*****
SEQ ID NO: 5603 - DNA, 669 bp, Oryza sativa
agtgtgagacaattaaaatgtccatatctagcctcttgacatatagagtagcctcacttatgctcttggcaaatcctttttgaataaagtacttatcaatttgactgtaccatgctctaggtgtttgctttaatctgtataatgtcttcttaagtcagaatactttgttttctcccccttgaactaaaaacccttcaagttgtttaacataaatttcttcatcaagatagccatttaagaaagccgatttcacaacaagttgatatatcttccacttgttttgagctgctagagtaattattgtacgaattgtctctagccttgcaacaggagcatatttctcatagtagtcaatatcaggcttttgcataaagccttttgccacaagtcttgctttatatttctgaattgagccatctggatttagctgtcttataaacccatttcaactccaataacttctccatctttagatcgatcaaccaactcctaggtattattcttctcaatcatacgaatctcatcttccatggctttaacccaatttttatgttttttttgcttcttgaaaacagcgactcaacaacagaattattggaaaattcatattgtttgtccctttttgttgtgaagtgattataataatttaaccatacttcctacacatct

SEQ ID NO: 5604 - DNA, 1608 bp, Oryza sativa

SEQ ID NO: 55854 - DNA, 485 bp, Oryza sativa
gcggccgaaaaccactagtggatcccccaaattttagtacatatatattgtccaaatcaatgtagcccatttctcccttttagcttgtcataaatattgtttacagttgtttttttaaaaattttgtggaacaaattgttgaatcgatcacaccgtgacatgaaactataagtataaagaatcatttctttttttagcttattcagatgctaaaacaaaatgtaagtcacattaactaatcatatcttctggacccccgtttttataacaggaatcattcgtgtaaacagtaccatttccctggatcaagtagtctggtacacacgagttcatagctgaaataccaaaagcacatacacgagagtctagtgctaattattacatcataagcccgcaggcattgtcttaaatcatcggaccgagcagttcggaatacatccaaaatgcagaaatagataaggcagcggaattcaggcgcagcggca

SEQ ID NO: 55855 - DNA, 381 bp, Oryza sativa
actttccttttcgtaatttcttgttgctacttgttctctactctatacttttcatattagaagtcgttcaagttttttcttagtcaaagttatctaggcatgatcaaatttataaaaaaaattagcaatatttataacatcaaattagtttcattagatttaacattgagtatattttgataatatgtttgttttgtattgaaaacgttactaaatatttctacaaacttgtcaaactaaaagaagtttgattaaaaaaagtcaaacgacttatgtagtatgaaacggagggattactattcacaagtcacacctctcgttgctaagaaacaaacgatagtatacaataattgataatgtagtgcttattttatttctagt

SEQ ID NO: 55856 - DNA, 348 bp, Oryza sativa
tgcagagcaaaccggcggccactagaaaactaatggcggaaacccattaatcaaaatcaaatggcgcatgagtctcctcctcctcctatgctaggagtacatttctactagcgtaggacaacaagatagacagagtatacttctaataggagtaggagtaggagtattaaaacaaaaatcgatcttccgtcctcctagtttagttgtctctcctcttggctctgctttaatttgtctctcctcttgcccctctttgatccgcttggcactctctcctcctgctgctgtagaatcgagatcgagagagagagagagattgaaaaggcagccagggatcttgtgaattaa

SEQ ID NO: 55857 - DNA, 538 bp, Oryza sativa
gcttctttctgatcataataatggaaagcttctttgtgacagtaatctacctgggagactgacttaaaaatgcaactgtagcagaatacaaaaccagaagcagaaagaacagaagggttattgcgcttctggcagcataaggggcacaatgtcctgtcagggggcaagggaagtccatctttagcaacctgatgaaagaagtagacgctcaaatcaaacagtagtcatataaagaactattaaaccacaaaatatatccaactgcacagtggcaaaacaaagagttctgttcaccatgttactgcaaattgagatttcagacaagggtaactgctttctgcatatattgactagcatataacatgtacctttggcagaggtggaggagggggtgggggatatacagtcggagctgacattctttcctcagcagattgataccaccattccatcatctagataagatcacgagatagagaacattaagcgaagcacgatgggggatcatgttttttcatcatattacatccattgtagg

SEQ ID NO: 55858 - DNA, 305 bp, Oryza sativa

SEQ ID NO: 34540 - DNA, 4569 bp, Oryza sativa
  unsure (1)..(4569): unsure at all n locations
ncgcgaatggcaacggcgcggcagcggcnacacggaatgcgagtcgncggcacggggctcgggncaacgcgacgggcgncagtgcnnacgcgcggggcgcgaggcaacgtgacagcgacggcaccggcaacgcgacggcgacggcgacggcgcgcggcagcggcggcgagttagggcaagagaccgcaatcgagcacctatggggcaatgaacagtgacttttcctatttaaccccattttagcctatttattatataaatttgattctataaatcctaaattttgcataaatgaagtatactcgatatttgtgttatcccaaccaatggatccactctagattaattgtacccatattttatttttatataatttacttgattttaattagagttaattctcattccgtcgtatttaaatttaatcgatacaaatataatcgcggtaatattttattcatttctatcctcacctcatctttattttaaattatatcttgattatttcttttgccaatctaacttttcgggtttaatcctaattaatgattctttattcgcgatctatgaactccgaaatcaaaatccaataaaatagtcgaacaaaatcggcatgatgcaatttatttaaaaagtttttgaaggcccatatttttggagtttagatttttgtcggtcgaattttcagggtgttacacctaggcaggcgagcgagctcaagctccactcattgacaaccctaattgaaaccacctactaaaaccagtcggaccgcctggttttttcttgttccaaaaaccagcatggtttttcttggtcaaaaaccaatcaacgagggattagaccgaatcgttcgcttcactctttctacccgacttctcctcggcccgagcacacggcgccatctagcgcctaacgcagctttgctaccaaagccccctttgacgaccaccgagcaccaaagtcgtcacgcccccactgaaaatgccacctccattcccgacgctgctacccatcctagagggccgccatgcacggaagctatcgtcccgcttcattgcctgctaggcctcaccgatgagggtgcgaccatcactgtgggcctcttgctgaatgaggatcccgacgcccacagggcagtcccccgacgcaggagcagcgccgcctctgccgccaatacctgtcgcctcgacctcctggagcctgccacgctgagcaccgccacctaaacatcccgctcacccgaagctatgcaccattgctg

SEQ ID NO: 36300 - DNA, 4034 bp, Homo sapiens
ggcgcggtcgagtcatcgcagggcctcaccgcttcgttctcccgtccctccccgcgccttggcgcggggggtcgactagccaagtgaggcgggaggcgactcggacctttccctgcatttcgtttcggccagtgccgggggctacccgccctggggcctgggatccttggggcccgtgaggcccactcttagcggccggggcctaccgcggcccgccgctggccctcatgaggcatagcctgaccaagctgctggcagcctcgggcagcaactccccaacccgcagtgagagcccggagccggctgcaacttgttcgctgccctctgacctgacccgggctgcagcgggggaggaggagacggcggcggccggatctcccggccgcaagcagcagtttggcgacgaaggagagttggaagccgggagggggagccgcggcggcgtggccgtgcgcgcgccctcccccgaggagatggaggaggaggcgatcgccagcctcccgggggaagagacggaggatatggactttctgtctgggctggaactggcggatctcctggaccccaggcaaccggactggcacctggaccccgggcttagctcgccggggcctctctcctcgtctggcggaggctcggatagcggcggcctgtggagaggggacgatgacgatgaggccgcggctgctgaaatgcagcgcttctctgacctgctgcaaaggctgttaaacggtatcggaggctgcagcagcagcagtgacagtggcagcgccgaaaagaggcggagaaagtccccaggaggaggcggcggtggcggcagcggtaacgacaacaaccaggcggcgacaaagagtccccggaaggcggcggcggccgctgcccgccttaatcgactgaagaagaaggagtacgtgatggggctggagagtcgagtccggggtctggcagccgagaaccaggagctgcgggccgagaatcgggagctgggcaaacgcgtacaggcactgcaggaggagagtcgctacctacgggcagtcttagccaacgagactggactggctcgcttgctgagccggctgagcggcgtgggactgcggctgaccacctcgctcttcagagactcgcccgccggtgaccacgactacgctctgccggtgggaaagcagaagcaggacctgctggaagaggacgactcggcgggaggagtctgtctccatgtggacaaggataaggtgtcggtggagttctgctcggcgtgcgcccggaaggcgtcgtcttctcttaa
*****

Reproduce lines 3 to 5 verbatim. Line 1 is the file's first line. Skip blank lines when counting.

SEQ ID NO: 5604 - DNA, 1608 bp, Oryza sativa

SEQ ID NO: 55854 - DNA, 485 bp, Oryza sativa
gcggccgaaaaccactagtggatcccccaaattttagtacatatatattgtccaaatcaatgtagcccatttctcccttttagcttgtcataaatattgtttacagttgtttttttaaaaattttgtggaacaaattgttgaatcgatcacaccgtgacatgaaactataagtataaagaatcatttctttttttagcttattcagatgctaaaacaaaatgtaagtcacattaactaatcatatcttctggacccccgtttttataacaggaatcattcgtgtaaacagtaccatttccctggatcaagtagtctggtacacacgagttcatagctgaaataccaaaagcacatacacgagagtctagtgctaattattacatcataagcccgcaggcattgtcttaaatcatcggaccgagcagttcggaatacatccaaaatgcagaaatagataaggcagcggaattcaggcgcagcggca